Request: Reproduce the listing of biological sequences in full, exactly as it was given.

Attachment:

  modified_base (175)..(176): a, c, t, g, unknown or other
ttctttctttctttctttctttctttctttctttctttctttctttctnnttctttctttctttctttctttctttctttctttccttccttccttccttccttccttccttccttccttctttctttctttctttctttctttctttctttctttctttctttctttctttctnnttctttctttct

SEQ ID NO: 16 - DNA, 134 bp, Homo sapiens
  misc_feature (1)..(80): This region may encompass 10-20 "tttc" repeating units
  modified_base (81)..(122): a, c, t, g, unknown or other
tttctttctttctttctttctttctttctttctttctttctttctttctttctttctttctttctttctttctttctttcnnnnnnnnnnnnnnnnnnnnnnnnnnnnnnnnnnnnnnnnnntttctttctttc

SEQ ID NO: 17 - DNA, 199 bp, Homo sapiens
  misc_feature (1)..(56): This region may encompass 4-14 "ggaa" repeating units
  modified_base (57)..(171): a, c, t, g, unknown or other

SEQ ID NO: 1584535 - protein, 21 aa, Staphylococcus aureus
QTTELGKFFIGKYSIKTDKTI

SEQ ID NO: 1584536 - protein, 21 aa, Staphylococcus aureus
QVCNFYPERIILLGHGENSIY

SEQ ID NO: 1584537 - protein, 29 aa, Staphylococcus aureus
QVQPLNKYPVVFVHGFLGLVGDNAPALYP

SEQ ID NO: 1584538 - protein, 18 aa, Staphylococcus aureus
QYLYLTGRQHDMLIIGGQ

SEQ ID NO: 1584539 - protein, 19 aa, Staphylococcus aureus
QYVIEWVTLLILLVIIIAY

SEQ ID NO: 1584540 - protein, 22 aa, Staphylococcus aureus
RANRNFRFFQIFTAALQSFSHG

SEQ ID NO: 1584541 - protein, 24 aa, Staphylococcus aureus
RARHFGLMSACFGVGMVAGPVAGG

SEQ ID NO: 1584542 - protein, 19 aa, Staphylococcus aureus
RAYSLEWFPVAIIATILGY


  modified_base (175)..(176): a, c, t, g, unknown or other
ttctttctttctttctttctttctttctttctttctttctttctttctnnttctttctttctttctttctttctttctttctttccttccttccttccttccttccttccttccttccttctttctttctttctttctttctttctttctttctttctttctttctttctttctnnttctttctttct

SEQ ID NO: 16 - DNA, 134 bp, Homo sapiens
  misc_feature (1)..(80): This region may encompass 10-20 "tttc" repeating units
  modified_base (81)..(122): a, c, t, g, unknown or other
tttctttctttctttctttctttctttctttctttctttctttctttctttctttctttctttctttctttctttctttcnnnnnnnnnnnnnnnnnnnnnnnnnnnnnnnnnnnnnnnnnntttctttctttc

SEQ ID NO: 17 - DNA, 199 bp, Homo sapiens
  misc_feature (1)..(56): This region may encompass 4-14 "ggaa" repeating units
  modified_base (57)..(171): a, c, t, g, unknown or other

SEQ ID NO: 1584535 - protein, 21 aa, Staphylococcus aureus
QTTELGKFFIGKYSIKTDKTI

SEQ ID NO: 1584536 - protein, 21 aa, Staphylococcus aureus
QVCNFYPERIILLGHGENSIY

SEQ ID NO: 1584537 - protein, 29 aa, Staphylococcus aureus
QVQPLNKYPVVFVHGFLGLVGDNAPALYP

SEQ ID NO: 1584538 - protein, 18 aa, Staphylococcus aureus
QYLYLTGRQHDMLIIGGQ

SEQ ID NO: 1584539 - protein, 19 aa, Staphylococcus aureus
QYVIEWVTLLILLVIIIAY

SEQ ID NO: 1584540 - protein, 22 aa, Staphylococcus aureus
RANRNFRFFQIFTAALQSFSHG

SEQ ID NO: 1584541 - protein, 24 aa, Staphylococcus aureus
RARHFGLMSACFGVGMVAGPVAGG

SEQ ID NO: 1584542 - protein, 19 aa, Staphylococcus aureus
RAYSLEWFPVAIIATILGY